Canada has had a rough relationship with travel this summer and just finished off the season with two of its airports ranking as the worst in the world for flight delays. The overwhelming increase in flight demand this summer has strained the aviation sector all over the globe, but Canada was hit especially hard. Staff shortages have led to all manner of chaos this summer. Cancellations, delays, and lost luggage have become the norm, and travelers have had to accept this as their new reality. Problems are so rampant that only 1 out of 5 travelers in June made it to their destinations without issue.
With the new reality of rampant flight disruptions, travelers may find it helpful to avoid airports and airlines experiencing the worst delays. Currently, Toronto Pearson International and Montreal-Trudeau International Airport rank as the 1st and 2nd worst airports worldwide for flight delays. Both airports performed quite poorly, with nearly half of their total flights from May 27th to September 5th being delayed.
To make things worse, Canada also claimed another spot in the top 10 worst airports in the world for delays. Vancouver International Airport was the 10th worst airport in the world for flight delays this summer.
#1 Worst Airport In The World:
- Toronto Pearson International Airport – 51.9% of Flights Delayed
#2 Worst Airport In The World:
- Montreal-Trudeau International Airport – 47.8% of Flights Delayed
Special Mention, #10 Worst Airport In The World:
- Vancouver International Airport – 37.8% of Flights Delayed
Canadian Travel Troubles
Canada certainly separates itself from the rest of the world for having immense amounts of flight delays this summer. Claiming 3 out of 10 slots for the top 10 worst airports in the world for flight delays is certainly a way to stand out, but it isn’t the only way Canada has drawn attention this summer. As the rest of the world began to open back up by shedding pandemic-era restrictions, Canada drew attention by becoming the only country in the world to add travel restrictions in July.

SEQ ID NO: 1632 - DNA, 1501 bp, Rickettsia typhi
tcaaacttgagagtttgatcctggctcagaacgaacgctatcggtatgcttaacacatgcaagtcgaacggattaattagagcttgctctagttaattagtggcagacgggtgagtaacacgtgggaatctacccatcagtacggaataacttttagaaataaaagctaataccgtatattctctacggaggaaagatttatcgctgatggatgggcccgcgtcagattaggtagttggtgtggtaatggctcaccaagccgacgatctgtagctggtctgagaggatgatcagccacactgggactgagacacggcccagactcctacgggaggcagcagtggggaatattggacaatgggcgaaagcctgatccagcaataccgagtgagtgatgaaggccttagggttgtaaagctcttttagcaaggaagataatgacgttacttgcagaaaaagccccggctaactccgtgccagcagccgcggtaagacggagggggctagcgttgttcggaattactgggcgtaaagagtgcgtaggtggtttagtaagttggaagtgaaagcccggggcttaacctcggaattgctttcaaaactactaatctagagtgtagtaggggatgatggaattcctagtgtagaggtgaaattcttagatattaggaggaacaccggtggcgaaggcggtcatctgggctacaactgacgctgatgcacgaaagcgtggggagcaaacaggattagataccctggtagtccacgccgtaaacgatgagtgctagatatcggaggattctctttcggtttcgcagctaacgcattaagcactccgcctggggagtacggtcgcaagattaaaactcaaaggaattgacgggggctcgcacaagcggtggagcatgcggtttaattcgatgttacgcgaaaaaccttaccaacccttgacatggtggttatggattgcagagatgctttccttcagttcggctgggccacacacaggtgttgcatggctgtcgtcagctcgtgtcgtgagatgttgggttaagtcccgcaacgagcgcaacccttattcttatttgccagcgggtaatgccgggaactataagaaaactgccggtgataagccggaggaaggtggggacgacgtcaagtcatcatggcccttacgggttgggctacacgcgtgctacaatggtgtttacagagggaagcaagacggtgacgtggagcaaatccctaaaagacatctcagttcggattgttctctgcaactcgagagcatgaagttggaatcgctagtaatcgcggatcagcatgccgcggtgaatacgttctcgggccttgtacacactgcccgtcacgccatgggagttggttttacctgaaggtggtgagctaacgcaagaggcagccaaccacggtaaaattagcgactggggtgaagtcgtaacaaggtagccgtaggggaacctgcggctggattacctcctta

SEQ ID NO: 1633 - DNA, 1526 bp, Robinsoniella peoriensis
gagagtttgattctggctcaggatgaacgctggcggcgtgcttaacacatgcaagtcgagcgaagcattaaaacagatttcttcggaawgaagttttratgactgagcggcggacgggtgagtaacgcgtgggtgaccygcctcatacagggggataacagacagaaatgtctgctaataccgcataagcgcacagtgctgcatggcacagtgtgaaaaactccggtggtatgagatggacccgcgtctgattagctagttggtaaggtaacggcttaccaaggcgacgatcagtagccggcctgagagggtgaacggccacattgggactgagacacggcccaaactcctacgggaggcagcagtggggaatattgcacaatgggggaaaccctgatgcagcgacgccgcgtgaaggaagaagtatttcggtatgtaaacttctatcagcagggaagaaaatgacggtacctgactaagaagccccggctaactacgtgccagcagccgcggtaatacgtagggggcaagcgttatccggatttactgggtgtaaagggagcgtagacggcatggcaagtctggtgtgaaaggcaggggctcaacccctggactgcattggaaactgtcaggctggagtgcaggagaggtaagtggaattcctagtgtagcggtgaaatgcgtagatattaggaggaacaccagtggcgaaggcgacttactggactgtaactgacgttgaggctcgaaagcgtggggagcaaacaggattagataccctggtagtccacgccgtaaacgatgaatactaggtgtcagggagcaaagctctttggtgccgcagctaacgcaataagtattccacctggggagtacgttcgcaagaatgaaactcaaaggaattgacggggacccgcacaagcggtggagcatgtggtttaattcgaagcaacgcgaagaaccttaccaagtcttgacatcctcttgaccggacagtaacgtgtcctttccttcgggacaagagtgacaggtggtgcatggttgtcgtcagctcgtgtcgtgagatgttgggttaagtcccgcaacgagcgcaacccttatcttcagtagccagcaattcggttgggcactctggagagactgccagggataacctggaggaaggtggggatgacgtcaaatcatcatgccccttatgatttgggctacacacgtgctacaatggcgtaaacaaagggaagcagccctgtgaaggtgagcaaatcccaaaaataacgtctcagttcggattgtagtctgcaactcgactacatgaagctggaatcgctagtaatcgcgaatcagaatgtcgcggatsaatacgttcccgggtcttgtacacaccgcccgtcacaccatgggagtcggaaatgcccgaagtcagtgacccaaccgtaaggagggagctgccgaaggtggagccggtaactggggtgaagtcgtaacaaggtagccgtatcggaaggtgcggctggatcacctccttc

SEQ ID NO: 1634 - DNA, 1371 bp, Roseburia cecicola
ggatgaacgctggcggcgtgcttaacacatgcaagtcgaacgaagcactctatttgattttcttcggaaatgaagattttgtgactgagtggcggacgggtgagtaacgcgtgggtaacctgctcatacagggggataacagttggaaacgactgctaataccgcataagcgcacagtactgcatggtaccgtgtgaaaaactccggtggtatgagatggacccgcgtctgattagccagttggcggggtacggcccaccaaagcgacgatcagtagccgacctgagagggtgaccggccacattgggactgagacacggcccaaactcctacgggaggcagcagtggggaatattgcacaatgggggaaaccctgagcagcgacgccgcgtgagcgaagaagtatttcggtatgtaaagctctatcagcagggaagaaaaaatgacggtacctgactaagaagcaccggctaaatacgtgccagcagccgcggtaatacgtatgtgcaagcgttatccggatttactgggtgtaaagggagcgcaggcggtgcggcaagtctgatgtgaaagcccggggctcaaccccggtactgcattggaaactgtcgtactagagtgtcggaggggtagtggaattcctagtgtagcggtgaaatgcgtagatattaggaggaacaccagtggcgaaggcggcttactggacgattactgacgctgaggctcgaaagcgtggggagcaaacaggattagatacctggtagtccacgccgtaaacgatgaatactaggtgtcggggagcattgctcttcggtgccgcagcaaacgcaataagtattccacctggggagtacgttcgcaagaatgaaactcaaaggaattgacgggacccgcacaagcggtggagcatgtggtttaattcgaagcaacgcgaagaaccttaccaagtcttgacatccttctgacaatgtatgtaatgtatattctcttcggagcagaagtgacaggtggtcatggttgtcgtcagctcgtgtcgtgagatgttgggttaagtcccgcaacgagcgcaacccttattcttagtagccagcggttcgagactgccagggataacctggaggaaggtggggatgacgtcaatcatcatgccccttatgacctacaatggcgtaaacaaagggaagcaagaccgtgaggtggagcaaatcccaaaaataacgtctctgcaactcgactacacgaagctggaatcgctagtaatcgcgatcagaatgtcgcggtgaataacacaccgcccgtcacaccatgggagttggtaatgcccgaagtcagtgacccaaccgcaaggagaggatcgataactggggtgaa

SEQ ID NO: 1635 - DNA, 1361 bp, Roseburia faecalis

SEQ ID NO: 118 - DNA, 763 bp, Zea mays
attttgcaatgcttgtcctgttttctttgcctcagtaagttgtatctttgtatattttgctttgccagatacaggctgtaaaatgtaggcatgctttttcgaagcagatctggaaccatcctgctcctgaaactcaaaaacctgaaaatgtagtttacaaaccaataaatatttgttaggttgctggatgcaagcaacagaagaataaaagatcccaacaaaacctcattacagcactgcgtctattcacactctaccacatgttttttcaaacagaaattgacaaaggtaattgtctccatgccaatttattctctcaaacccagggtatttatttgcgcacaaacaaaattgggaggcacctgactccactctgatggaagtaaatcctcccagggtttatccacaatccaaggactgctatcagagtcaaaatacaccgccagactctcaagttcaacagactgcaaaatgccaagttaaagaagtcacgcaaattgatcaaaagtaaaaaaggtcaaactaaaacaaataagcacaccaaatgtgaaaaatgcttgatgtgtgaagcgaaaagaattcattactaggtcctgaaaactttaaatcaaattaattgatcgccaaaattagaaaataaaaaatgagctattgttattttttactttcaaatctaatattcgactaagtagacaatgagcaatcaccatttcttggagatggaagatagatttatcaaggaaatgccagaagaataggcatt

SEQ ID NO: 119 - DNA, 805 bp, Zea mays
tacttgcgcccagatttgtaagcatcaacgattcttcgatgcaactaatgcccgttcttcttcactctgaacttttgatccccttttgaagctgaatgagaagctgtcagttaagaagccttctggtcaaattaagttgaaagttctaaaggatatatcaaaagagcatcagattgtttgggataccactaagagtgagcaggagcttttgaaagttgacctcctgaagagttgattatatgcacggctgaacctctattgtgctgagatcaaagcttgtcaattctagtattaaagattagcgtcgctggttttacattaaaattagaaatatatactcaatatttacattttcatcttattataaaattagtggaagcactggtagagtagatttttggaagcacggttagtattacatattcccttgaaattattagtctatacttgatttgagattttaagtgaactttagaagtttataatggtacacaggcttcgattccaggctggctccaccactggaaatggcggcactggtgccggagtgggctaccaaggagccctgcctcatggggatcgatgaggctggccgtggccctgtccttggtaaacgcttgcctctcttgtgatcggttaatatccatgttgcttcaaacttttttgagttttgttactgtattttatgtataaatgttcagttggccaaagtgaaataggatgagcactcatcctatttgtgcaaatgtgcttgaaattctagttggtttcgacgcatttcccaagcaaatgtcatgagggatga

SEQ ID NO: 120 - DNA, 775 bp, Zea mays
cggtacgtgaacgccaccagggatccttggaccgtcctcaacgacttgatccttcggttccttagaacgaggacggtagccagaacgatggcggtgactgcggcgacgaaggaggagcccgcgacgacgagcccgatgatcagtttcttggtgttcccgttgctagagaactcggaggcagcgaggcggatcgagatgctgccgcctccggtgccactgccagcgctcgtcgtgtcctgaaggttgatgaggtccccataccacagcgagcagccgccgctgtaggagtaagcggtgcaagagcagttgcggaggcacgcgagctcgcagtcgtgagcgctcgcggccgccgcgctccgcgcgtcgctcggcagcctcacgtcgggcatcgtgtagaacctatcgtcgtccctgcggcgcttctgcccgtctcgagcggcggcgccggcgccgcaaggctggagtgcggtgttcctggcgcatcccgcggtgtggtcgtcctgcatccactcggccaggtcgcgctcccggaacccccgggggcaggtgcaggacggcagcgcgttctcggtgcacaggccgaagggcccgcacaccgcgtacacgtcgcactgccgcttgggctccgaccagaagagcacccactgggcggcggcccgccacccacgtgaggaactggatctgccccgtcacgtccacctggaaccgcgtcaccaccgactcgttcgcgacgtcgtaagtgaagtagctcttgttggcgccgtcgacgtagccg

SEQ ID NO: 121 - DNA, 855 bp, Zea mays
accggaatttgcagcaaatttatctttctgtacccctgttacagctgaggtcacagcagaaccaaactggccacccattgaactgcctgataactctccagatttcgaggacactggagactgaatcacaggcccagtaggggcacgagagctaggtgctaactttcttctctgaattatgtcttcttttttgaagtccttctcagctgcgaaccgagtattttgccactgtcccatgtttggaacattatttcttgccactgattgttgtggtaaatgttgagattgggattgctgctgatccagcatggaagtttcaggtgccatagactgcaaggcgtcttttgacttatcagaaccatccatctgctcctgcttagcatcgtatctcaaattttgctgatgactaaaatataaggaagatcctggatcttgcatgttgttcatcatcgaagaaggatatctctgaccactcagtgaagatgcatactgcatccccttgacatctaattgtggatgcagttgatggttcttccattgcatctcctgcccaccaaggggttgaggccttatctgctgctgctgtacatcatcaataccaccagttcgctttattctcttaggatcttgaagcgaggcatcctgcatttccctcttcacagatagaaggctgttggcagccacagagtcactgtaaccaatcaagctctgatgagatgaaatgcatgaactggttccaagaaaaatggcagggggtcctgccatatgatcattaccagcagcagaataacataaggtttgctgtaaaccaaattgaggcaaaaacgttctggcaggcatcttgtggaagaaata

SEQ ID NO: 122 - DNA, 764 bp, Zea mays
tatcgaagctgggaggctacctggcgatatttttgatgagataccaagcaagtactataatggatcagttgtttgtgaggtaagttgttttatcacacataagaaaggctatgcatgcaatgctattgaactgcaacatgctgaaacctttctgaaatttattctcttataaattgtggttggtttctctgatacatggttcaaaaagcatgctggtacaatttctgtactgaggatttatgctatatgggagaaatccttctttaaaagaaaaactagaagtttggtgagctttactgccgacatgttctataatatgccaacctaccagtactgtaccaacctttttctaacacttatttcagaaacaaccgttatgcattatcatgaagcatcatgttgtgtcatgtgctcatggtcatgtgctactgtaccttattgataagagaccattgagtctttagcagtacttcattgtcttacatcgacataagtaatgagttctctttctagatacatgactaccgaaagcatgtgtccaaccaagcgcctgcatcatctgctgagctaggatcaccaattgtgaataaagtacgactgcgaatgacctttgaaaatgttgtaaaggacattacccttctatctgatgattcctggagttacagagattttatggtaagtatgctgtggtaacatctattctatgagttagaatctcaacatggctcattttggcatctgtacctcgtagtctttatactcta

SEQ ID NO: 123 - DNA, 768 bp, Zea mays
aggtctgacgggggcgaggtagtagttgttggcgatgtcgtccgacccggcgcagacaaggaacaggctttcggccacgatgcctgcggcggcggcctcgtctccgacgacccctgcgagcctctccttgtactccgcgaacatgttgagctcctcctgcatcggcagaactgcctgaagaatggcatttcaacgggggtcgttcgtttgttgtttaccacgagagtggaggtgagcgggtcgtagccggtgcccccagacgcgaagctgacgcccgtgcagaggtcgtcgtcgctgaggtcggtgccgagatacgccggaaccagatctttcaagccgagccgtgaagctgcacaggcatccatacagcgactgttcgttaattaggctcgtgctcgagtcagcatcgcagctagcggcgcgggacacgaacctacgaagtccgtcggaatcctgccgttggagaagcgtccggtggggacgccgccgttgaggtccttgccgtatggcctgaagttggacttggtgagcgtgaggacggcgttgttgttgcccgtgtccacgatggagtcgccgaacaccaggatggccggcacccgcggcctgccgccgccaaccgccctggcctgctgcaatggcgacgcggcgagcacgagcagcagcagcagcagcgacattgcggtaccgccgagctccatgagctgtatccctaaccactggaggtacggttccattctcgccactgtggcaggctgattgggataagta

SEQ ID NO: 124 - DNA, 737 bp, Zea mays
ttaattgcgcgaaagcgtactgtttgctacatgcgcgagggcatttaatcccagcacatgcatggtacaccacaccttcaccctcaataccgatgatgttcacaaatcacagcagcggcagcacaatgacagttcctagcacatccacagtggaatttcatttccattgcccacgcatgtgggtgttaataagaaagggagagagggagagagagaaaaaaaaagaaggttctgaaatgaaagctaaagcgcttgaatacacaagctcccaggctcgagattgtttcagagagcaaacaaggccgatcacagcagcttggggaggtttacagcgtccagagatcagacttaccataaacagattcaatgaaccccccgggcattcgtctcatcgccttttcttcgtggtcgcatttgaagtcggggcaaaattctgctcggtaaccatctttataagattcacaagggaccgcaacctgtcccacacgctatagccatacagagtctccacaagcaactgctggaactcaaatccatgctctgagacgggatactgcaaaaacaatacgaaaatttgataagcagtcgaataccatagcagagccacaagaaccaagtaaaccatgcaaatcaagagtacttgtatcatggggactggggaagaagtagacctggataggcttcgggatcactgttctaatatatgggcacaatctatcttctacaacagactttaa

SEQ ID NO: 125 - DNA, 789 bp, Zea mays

Having already separated themselves from much of the world by continuing to bar non-vaccinated visitors, they reinstated a random Covid testing policy. One of the benefits of being vaccinated that many travelers from other countries enjoy is being able to travel without having to take a Covid test. However, Canada’s strict border rules continue to punish travelers regardless of their vaccination status. Interestingly, Travel Off Path recently reported that the province of Ontario ended its requirement for residents to quarantine for five days after testing positive. Therefore, this begs the question, are Canada’s travel restrictions even reliable at this point?
Canadian Airports Claiming More Chaos
In July, Travel Off Path reported Toronto Pearson was the worst airport worldwide for delays, a title it still claims. However, neither Montreal-Trudeau International Airport nor Vancouver International Airport made the top 10 in that instance. Summer has not favored Canada as it now claims three slots out of the top 10. Canada has had an especially turbulent summer compared to the rest of the world. The full list of the ten worst airports in the world for flight delays over the summer is as follows:
1) Toronto Pearson International Airport – 51.9% of Flights Delayed
2) Montreal-Trudeau International Airport – 47.8% of Flights Delayed
3) Frankfurt International Airport: 44.5% – Flights Delayed
4) Humberto Delgado Airport (Lisbon) – 43% of Flights Delayed
5) London Gatwick Airport: 42% – Flights Delayed
6) Paris Charles de Gaulle Airport – 41.6% of Flights Delayed
7) Munich International Airport – 40.1% of Flights Delayed
8) Manchester Airport – 39% of Flights Delayed
9) Athens International Airport – 38.5% of Flights Delayed
10) Vancouver International Airport – 37.8% of Flights Delayed
Will It Get Better?
Time will tell whether or not Canada can get things under control, but travelers should be prepared for more delays as summer comes to a close. Air Canada recently reported that its operations are improving, but Canadians may still have reason to worry. The data in this article looked at flights from the end of May to September 5th, and peak travel chaos was witnessed during June and July. So, if things were improving, surely August would show better results? Unfortunately, singling out August doesn’t do much for Canada’s benefit.
- In August, Toronto Pearson had 51.8% of its flights delayed, almost identical to the percentage of delays from the entire summer.
- Montreal-Trudeau International had 51% of its flights delayed in August, performing worse than it did compared to the whole summer.
- Vancouver International Airport also performed worse in July than it did compared to the entire summer, with 38.4% of its flights delayed.
Air Canada themselves say that they are showing improvements. However, they have to deal with these three airports regardless of their own attempts to improve.
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This article originally appeared on TravelOffPath.com